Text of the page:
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  • Writer's pictureThe Gaudie

Corbyn’s Brexit Bluster

After months of ineffectual posturing, Corbyn has taken an official position on a favourable negotiating outcome.

photo by Garry Knight (Flickr)

by Ninian J. Wilson

Jeremy Corbyn has announced that Labour will support the UK remaining within the European Customs Union. Finally shifting from the safety of ambiguous ambivalence, he has taken a stance from which he can properly hold the Brexit negotiating team to account. Now, after much talk of a ‘common sense approach’, we might finally see a feasible alternative to the hard Brexit offered by PM May. However, whether his alternative is the happy medium that’s all things to all Brexiteers remains to be seen. Corbyn has taken no discernible position on this, the greatest legal-political issue of our generation, for too long. If not nine months ago, why now?

To answer that question, it would be worth appreciating the detail. Much like sexuality, Brexit is a spectrum, in this case with hard on one end and soft on the other. Customs unions, single markets, and hard borders are all critical issues in determining your position on that spectrum. What’s the difference between all these terms? Let’s break it down. The Customs Union, which is what Corbyn wants to remain part of, is a trading alliance between the member states whereby they arrange common trade deals with countries outside of the union. So every member state will have the same trade deal with the U.S.A., for example. The single market is the idea that there will be no tariffs or quotas on goods and services traded between the various member states. So the former regards trade deals with countries outside the union and the latter regards trade within the union. Corbyn wants the former but not the latter. Meanwhile, Theresa May has categorically ruled out membership of either the customs union or the single market but has planned to stay aligned with EU standards in return for market access. By stating his position, Corbyn clearly thinks this is the time to start being more assertive over the negotiating process.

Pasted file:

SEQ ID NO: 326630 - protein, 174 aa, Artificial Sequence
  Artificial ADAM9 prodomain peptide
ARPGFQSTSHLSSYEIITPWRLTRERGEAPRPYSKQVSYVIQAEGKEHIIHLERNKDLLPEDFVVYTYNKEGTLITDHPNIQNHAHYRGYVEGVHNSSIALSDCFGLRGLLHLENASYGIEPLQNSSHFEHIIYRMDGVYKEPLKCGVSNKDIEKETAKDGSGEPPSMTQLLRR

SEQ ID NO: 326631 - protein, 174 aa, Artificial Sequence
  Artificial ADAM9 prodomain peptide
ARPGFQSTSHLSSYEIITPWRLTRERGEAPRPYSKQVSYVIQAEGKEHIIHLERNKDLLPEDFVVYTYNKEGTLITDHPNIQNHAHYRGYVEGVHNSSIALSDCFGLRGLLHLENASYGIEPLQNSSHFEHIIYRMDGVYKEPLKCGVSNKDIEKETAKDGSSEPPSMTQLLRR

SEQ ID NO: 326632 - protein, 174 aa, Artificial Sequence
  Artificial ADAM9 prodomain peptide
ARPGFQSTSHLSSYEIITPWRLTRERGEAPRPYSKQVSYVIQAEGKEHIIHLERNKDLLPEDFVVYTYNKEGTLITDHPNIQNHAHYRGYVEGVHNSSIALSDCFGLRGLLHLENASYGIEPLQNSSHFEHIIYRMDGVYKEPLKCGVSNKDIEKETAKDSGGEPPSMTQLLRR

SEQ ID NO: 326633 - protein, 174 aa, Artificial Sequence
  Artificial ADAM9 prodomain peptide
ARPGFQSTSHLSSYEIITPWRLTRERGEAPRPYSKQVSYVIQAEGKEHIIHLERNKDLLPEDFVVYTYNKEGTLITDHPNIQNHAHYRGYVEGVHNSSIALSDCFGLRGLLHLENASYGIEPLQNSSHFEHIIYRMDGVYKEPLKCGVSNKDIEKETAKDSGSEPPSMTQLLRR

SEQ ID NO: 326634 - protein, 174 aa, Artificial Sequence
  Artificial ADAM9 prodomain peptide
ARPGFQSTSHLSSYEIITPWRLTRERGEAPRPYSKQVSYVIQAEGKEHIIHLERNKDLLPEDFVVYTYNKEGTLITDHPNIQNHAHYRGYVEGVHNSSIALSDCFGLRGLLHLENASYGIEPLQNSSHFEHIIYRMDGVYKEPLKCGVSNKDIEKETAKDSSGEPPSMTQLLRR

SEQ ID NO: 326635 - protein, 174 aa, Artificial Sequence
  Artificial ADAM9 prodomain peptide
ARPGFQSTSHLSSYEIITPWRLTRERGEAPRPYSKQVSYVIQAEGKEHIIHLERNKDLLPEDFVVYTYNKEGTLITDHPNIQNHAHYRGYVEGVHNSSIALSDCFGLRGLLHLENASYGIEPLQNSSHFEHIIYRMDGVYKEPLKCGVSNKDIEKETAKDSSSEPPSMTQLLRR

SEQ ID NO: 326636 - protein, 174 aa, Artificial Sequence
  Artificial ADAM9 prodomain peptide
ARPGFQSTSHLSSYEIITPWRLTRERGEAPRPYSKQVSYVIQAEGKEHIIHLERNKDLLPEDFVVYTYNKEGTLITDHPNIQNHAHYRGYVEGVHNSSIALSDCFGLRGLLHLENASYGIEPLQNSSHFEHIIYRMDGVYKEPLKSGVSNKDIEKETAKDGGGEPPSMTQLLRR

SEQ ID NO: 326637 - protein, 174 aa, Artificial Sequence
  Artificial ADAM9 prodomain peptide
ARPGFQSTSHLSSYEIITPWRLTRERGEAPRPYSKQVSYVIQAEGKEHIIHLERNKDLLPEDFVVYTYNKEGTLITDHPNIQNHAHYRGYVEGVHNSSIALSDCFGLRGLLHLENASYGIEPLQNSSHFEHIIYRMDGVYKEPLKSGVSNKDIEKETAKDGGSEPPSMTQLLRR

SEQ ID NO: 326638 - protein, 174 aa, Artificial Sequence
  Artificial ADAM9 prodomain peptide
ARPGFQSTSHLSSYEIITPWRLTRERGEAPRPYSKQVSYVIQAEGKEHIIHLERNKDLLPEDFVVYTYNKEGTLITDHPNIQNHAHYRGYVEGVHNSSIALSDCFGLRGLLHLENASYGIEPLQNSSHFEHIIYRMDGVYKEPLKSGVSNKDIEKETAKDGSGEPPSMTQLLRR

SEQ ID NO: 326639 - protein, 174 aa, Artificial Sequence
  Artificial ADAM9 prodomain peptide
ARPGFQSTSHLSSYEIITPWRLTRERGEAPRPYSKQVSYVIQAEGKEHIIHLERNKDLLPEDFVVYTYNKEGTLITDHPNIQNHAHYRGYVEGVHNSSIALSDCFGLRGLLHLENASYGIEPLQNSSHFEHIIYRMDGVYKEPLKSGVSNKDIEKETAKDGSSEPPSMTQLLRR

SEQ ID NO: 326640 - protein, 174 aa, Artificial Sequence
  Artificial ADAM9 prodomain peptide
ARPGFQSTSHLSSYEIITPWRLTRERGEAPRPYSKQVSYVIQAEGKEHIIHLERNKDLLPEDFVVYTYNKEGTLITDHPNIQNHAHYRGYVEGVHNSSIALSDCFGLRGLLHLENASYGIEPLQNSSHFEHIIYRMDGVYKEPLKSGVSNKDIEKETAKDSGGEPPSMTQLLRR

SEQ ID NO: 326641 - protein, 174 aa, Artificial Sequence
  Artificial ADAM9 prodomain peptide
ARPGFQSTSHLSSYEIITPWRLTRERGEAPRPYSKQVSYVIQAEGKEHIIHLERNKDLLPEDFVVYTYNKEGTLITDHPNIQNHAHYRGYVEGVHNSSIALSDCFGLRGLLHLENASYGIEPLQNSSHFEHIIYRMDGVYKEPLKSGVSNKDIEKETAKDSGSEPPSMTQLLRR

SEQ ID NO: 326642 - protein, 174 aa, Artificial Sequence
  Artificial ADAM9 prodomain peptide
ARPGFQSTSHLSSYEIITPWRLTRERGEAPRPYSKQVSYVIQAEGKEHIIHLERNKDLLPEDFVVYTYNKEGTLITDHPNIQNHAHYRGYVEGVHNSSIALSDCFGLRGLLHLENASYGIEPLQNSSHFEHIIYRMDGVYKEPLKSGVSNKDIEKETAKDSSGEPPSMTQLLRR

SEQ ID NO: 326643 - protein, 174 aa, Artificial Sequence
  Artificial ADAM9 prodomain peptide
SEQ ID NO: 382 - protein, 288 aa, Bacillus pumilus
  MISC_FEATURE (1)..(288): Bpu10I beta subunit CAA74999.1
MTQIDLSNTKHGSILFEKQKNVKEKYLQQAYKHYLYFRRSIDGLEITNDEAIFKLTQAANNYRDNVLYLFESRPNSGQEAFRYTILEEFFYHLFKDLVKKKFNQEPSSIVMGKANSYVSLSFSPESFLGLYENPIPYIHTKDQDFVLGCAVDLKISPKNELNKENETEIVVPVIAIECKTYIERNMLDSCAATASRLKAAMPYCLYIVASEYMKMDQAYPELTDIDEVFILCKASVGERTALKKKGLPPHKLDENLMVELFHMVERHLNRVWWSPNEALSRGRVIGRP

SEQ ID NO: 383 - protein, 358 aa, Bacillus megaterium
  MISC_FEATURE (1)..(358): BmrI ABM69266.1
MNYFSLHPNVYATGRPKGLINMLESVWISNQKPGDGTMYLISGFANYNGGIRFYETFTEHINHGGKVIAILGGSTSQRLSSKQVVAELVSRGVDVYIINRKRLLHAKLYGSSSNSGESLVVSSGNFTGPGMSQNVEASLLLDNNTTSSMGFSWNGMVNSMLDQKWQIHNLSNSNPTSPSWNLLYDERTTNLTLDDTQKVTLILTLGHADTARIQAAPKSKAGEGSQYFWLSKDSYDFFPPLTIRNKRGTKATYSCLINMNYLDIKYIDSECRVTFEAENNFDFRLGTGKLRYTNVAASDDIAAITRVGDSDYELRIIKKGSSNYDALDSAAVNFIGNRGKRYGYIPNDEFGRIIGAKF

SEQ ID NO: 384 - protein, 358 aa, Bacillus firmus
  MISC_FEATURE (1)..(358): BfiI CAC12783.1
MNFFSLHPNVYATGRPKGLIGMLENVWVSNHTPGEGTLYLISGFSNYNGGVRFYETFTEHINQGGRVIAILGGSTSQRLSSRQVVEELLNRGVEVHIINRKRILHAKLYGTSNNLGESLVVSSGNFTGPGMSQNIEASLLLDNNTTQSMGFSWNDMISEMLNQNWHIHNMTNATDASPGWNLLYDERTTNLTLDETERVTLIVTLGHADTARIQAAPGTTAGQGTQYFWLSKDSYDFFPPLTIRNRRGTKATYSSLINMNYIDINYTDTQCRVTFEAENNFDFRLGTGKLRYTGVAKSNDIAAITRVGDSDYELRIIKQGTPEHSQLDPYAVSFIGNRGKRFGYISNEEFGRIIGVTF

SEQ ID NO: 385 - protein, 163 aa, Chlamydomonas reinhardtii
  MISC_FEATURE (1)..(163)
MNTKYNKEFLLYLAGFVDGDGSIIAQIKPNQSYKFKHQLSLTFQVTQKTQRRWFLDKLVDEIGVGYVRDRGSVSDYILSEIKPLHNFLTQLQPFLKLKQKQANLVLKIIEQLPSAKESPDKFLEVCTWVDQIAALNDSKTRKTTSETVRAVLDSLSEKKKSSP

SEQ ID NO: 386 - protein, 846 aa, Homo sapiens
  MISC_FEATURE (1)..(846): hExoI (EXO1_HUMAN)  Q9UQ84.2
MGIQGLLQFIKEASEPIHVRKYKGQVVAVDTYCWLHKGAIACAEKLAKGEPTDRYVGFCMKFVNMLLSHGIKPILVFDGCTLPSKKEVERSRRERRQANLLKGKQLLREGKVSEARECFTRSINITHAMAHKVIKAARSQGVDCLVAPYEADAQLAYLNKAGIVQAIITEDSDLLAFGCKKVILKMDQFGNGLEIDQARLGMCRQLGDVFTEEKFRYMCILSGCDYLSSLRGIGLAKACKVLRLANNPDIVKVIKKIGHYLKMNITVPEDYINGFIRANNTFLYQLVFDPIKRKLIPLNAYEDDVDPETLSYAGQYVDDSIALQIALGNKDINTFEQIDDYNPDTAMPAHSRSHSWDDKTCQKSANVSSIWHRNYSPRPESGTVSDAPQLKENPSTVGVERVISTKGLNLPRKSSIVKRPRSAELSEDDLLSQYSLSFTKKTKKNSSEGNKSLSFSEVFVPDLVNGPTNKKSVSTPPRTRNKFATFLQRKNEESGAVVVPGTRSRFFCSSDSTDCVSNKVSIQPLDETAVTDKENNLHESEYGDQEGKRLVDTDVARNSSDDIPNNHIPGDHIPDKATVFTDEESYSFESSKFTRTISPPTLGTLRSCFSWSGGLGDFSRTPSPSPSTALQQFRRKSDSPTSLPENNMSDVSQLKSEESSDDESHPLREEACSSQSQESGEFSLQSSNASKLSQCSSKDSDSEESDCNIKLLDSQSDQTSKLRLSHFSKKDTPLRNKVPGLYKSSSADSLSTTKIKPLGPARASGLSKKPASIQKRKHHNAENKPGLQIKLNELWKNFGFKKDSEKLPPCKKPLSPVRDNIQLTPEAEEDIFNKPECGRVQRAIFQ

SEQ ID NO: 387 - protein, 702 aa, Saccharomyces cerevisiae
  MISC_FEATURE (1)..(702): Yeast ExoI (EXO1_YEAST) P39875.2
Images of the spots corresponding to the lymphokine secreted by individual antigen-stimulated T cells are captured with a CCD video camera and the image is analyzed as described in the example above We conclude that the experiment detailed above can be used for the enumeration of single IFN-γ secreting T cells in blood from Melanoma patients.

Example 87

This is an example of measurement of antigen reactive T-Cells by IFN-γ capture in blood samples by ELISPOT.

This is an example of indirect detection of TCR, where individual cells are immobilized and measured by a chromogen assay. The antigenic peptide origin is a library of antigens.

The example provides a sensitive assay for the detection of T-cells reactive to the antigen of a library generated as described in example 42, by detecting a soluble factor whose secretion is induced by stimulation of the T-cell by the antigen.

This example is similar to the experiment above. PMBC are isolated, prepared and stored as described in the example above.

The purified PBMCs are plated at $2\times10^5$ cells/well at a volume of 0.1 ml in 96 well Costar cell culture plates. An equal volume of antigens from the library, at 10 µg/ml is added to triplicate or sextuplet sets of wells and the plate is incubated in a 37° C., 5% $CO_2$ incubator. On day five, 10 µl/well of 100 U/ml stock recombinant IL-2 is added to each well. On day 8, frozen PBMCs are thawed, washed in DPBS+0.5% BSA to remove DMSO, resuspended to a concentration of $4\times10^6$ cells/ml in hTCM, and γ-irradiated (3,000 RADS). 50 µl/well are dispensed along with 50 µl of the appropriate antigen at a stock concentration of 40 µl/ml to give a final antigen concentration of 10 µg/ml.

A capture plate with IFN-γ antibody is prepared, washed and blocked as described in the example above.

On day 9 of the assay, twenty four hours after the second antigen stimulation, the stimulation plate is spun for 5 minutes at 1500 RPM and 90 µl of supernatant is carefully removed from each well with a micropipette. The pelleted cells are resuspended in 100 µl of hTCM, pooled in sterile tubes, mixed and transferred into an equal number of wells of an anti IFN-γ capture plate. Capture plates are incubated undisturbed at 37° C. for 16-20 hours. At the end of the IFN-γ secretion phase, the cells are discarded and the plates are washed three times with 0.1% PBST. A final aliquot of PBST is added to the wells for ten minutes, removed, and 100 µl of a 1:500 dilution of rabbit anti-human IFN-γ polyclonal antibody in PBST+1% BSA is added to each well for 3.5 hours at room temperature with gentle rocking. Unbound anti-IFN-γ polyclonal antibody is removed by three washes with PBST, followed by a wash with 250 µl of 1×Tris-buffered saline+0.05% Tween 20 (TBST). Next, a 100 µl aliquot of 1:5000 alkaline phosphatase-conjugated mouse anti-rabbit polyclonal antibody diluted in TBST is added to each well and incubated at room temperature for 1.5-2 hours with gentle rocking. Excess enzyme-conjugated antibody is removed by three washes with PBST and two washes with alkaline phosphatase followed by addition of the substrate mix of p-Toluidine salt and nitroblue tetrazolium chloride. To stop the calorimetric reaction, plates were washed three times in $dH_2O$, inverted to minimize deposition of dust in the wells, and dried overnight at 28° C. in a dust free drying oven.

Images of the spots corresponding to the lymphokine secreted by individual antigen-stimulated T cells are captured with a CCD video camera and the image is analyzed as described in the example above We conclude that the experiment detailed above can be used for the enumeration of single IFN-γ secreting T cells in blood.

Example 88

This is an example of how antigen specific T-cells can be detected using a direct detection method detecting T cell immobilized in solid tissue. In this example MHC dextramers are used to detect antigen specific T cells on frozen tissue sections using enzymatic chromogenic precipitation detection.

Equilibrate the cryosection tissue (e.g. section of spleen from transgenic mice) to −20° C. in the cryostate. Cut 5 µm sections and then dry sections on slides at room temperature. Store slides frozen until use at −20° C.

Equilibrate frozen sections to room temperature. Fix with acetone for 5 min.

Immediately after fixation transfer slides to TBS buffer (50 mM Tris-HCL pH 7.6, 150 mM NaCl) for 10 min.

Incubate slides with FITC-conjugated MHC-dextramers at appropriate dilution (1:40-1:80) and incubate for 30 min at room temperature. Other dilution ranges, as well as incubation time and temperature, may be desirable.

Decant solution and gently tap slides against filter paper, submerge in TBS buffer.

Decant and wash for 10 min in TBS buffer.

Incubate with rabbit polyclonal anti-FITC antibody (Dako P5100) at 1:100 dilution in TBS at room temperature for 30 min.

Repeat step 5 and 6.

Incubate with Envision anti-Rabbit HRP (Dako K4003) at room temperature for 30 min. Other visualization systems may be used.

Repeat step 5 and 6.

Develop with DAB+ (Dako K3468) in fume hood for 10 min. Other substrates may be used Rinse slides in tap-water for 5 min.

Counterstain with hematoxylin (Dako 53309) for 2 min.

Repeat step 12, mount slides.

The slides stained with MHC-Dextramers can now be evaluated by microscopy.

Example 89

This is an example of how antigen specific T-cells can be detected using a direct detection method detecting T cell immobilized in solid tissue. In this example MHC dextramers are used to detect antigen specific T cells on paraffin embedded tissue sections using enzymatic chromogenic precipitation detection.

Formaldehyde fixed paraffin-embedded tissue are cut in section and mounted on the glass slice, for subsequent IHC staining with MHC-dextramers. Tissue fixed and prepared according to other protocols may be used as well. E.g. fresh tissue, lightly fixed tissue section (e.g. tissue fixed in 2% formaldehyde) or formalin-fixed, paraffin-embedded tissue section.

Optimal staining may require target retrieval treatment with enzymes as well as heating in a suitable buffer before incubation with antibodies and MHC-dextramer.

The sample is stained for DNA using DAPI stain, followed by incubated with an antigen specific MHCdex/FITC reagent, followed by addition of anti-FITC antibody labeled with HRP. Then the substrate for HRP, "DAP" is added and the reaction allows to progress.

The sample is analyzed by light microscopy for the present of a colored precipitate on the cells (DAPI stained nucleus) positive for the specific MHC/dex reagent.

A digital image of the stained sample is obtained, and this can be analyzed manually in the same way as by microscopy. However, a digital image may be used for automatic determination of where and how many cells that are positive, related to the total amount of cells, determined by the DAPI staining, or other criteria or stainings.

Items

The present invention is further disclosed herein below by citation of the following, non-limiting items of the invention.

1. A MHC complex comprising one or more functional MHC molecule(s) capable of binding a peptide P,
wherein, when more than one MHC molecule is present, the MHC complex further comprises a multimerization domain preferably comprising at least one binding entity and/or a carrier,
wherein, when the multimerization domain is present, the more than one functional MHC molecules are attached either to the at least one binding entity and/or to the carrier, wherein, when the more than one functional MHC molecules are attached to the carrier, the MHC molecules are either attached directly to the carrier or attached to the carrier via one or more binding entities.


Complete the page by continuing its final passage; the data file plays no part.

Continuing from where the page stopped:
While Labour have controlled the narrative over domestic issues such as the NHS crisis and the Grenfell disaster, they have had no influence over public opinion regarding Brexit. Up until now this may have suited them.

Whether it be Boris Johnson’s Brexit cheerleading, the Irish border issue or a miraculous breakthrough in negotiations, the Tories are, for better or worse, at the centre of the Brexit narrative.

With the official departure date a year away and talks to settle a trade deal post-Brexit due to start in the Autumn, Corbyn’s window to leave his mark was starting to draw shut. Now though, he has taken a position which will serve him well. He’s taken a stance that’s diametrically opposed to the Tories, which gives him a credibility in criticism which he simply did not have before. Secondly, he will have courted the favour of many Remainers and soft Brexiteers who recognise the danger of a hard Brexit, simply put, he’s taken the middle ground. Lastly, and perhaps that of the most salient utility, he has offered a solution to the Irish border issue.

The Irish border arrangement is a feature of The Good Friday agreement, which was a landmark settlement that brought an end to years of unimaginable pain in Ireland. Theresa May’s stance on the Irish border post Brexit and her alliance with the DUP has seriously undermined that hard won agreement. As negotiations advance further and further the issue will become unavoidable. Even Boris Johnson, the Foreign Secretary, has noted the possibility of a hard border in Ireland. He said that ‘even if a hard border is reintroduced’ it would not seriously affect the UK’s trade across the land border with the EU. This is simply not true. The legacy of Brexit will be that of apocalypse if it resulted in a fracturing of peace in Ireland, never mind the vast array of other doomsday scenarios that commentators have imagined. By remaining part of the Customs Union it could potentially prevent a ‘hard border’ and mitigate effects on the free flow of trade. This is a neat solution.

Why then has Corbyn not offered the idea of remaining in the customs union sooner if it was a cure all to the Brexit warts? He’s starting to learn the value of timing. When and how you land your punch may just win the round. Whether remaining part of the customs union is the right course of action for the UK is uncertain. However, supporting it is the right course of action for Jeremy Corbyn. That much is certain.


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